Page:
Tuesday, December 29, 2009

AGO: Shhh, don’t tell

AGO: Shhh, don’t tell

Tuesday, 29 December 2009 04:24
by Jennifer Naylor Gesick | Variety News Staff

AGO upholds agencies’ confidentiality agreement with JGPO

LOCAL government officials were not required to tell lawmakers anything they had learned about the Department of Defense’s plans for the massive military buildup on the island when summoned to testify before the military buildup oversight committee hearing on Oct. 15, according to attorney general Alicia Limtiaco.

In a legal opinion released yesterday, Limtiaco took note of the nondisclosure agreement that local officials signed with the Joint Guam Program Office.

Limtiaco said the communications between the agencies and JGPO were “predecisional” and protected from the Freedom of Information Act.

“The terms of the nondisclosure agreement evidence the expectations of the federal government that the document and discussion surrounding it are deemed sensitive and confidential, and therefore protected by the deliberative process privilege and executive privilege,” Limtiaco said.

Muted testimony

Limtiaco’s opinion, released by the governor’s office yesterday, was sought by lawmakers who asked whether local statute mandated or exempted government officials from testifying about what was contained in the military impact report.

Heads and representatives from the Bureau of Statistics and Planning, Guam Environmental Protection Agency, Department of Agriculture and Department of Public Works were required to sign a nondisclosure agreement as a precondition and prior to being allowed to provide feedback to JGPO about the impact study.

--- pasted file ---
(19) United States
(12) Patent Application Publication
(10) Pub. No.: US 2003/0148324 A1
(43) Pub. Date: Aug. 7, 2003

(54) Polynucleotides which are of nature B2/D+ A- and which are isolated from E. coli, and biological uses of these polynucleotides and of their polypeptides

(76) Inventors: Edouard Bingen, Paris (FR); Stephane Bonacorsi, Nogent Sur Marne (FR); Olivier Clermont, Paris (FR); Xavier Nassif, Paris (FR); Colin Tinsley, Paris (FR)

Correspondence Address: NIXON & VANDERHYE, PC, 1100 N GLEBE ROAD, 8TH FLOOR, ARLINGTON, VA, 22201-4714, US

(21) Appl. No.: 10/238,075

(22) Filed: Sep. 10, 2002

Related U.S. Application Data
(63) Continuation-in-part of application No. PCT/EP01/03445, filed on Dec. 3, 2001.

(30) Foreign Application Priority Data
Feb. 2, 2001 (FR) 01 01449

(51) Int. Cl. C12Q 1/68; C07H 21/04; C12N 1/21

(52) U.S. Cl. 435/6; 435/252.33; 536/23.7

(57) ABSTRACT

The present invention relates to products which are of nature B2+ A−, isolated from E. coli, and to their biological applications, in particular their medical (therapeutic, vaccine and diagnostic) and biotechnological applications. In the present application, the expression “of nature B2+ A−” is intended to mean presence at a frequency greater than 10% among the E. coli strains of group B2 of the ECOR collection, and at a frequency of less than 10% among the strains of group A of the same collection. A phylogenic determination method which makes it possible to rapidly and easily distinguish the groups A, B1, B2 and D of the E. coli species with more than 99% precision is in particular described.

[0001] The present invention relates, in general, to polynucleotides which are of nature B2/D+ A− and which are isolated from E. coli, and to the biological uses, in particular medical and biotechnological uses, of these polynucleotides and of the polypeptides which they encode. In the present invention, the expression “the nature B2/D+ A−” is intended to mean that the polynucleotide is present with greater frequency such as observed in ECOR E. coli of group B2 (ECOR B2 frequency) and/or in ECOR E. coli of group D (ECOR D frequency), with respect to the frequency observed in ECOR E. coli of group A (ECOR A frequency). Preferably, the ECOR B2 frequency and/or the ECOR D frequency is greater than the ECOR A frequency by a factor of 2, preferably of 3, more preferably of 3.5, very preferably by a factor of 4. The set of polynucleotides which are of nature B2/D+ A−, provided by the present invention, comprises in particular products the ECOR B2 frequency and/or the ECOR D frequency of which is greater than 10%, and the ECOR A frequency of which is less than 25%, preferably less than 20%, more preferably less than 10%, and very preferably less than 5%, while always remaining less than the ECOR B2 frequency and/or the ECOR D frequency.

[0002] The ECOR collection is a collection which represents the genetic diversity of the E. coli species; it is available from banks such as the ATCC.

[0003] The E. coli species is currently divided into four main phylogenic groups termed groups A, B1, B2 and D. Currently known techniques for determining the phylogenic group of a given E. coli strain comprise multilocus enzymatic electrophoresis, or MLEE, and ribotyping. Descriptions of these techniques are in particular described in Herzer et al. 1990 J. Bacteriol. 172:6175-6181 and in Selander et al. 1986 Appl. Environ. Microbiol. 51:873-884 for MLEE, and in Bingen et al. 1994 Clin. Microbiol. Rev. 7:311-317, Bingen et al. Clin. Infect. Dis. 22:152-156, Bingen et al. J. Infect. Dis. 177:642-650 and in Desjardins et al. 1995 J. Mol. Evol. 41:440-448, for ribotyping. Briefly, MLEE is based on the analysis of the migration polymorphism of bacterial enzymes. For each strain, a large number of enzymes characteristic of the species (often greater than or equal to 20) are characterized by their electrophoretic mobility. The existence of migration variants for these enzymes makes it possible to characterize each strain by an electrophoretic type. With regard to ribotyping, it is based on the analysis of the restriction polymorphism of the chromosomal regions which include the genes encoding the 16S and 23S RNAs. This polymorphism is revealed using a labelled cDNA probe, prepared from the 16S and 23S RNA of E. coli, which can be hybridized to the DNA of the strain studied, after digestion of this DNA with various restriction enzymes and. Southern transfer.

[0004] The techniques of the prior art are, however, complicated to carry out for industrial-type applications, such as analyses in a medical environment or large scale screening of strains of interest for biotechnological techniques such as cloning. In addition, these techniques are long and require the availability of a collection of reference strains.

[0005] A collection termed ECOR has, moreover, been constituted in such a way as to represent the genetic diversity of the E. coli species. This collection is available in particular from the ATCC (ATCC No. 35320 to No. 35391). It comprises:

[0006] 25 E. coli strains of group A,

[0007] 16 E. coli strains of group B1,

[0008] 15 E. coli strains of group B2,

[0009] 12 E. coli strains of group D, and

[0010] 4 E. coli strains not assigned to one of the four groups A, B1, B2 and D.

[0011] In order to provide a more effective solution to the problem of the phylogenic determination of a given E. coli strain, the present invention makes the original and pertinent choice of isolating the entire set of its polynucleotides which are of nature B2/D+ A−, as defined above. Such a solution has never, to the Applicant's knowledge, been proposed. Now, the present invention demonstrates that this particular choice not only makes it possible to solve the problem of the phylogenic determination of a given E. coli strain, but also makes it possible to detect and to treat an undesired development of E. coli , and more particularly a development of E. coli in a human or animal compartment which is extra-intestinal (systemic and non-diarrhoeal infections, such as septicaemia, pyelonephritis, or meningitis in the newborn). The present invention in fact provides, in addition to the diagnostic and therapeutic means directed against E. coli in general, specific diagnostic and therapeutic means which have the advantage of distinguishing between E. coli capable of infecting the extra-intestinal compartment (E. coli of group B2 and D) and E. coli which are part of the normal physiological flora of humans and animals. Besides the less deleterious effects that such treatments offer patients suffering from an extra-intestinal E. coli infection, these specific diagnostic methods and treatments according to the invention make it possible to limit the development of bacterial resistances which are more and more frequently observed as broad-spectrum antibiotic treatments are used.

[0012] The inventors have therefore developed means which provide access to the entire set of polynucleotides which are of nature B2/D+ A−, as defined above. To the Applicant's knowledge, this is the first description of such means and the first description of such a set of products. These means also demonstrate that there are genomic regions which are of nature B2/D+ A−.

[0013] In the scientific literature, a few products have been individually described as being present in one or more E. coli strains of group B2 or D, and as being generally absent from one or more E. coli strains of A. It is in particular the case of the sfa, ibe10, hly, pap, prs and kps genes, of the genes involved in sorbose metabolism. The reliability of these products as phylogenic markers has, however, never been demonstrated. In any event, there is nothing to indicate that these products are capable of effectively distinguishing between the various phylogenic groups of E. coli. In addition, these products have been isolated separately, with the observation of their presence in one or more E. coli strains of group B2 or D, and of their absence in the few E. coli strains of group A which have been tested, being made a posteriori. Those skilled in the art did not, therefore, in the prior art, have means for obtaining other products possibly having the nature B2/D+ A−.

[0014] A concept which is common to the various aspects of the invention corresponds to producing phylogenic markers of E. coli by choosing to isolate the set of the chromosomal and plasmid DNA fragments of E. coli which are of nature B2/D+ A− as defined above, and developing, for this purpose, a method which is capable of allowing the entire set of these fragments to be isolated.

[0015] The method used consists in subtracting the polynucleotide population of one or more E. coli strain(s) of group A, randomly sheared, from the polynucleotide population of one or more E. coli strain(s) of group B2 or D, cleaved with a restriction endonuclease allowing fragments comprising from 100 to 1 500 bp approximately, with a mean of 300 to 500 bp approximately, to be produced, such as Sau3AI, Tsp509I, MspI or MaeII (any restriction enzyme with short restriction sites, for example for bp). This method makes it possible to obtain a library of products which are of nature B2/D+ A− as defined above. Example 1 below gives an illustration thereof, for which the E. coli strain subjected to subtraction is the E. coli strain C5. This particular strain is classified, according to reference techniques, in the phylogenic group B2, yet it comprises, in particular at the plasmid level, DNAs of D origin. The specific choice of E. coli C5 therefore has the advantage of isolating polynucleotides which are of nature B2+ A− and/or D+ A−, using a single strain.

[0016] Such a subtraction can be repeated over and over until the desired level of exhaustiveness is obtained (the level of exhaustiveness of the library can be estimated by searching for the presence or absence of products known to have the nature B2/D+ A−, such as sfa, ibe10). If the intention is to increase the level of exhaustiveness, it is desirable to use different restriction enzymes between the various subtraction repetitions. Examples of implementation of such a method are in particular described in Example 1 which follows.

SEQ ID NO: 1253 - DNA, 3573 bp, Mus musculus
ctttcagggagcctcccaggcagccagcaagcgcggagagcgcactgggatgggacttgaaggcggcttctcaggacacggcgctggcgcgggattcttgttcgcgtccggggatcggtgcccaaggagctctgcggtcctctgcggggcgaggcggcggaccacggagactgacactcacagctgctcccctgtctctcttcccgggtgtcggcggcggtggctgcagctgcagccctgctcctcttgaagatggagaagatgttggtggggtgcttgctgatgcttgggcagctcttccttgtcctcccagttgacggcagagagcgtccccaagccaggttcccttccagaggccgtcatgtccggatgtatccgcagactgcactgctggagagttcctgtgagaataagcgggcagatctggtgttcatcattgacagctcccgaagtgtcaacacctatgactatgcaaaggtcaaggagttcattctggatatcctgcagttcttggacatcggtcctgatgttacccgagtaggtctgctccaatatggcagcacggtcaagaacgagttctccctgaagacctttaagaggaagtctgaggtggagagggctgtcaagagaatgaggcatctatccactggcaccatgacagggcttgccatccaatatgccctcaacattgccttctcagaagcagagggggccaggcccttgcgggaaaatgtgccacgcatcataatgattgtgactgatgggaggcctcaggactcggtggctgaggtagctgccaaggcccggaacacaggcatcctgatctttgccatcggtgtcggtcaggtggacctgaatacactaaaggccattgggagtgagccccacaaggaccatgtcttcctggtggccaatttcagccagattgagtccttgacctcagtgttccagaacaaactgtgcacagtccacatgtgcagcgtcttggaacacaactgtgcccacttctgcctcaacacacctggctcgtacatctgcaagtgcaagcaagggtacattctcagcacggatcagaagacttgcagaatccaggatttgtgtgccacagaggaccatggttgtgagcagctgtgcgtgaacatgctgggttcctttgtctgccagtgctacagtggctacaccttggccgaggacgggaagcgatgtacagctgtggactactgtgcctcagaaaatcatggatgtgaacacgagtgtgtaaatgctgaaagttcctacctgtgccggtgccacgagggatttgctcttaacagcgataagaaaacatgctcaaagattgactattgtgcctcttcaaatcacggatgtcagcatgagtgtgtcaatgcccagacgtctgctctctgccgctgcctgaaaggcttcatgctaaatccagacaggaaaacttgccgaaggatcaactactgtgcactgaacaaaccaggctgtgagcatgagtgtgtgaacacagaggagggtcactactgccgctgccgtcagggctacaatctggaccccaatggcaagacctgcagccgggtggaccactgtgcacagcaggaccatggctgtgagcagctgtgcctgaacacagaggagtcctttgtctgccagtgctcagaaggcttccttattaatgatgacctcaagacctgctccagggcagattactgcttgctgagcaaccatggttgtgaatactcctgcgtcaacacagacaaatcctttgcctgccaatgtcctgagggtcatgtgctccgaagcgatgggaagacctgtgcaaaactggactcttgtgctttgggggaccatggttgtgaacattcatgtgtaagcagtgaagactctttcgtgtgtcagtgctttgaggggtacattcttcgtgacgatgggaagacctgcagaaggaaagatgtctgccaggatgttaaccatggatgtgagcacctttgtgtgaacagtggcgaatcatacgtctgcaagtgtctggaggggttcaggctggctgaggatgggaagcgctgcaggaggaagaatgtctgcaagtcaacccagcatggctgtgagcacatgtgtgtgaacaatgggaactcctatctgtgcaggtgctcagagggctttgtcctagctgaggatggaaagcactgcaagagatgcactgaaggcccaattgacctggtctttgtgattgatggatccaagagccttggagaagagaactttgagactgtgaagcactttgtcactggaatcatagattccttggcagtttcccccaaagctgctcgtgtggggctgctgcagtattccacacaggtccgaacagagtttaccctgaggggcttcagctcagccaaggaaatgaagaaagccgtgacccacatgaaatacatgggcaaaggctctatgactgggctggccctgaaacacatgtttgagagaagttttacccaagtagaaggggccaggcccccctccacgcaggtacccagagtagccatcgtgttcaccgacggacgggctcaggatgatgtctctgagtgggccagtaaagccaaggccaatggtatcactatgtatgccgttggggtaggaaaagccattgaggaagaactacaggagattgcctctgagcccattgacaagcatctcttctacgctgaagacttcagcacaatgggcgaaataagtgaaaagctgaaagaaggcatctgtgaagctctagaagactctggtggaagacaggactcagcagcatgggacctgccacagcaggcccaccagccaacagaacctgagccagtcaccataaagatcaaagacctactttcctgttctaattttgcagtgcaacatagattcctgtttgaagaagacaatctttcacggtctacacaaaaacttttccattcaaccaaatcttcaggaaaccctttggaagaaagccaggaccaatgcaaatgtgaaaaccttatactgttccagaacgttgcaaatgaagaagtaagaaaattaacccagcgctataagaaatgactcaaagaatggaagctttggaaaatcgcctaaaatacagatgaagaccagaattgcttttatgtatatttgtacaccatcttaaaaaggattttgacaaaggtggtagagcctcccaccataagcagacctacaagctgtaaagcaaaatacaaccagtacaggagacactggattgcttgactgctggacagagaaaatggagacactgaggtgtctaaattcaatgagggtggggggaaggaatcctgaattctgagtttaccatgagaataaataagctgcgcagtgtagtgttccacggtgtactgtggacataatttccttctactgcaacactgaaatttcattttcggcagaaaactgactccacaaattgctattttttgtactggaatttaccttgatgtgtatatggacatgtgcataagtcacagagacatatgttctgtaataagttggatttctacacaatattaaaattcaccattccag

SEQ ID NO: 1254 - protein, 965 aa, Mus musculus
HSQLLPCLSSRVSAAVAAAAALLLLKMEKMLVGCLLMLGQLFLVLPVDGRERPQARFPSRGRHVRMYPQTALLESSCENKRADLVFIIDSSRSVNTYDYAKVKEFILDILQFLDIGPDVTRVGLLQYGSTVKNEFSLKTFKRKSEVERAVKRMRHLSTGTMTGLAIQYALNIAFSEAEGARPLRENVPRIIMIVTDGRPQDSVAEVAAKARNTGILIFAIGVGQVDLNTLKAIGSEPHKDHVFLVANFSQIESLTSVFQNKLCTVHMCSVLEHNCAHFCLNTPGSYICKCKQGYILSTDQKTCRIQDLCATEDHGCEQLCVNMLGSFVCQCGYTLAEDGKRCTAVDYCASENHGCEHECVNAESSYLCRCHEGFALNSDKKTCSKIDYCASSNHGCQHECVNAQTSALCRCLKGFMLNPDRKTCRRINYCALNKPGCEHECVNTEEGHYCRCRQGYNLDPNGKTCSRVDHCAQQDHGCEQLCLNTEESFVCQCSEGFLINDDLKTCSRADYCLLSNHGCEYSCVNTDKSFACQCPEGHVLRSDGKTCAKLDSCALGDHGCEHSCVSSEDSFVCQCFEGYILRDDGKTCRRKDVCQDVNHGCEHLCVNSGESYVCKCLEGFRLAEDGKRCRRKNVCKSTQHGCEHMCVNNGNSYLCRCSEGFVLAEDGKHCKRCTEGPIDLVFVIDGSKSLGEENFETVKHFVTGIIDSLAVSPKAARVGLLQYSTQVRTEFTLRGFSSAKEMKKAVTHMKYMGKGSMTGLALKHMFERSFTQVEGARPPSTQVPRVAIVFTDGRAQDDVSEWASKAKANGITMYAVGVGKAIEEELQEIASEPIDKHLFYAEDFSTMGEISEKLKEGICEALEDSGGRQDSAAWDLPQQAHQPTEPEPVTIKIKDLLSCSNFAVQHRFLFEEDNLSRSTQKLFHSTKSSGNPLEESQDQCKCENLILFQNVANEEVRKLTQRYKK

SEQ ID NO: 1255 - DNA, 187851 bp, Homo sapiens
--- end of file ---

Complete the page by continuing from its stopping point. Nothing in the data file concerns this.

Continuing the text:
Only a few of the individuals summoned to testify at the oversight hearing conducted by Sen. Judi Guthertz’ committee actually showed up.

No one would talk about anything they gleaned from the study causing lawmakers to threaten them with contempt.

But Limtiaco described the procedures on legislative contempt as “inorganic.”

Suspect language

Limtiaco states it is "constitutionally suspect, not because of the breadth of the legislature's investigatory authority...but because of the vagueness of the process and procedures outlined in the law governing the legislature's exercise of its contempt powers to enforce compliance."

She makes three points on this matter. First, that the statue is unclear as to what due process is afforded a person who has been subpoenaed and declines to comply on the basis of a recognized privilege.

Second, the law provides that a witness is entitled to “explain and defend” the statute governing governmental privileges.

Third, the law limits the scope of judicial review by the courts on the merits of a finding of legislative contempt, "relegating the courts to merely enforcing a finding of contempt." ”It is our opinion the deliberative process and executive privileges, rooted in the doctrine of separation of powers established in the Organic Act, are due to be protected from Legislative inquiry," Limtiaco stated.

"Finally, the statue governing the legislature's contempt procedures that appear to bar even the mention of governmental privileges and separation of powers as an argument before the legislature in defense of subpoena, and the exclusion of even the possibility of judicial review on the merits of a finding of legislative contempt is simply unauthorized in our constitutional system of laws,” she added,

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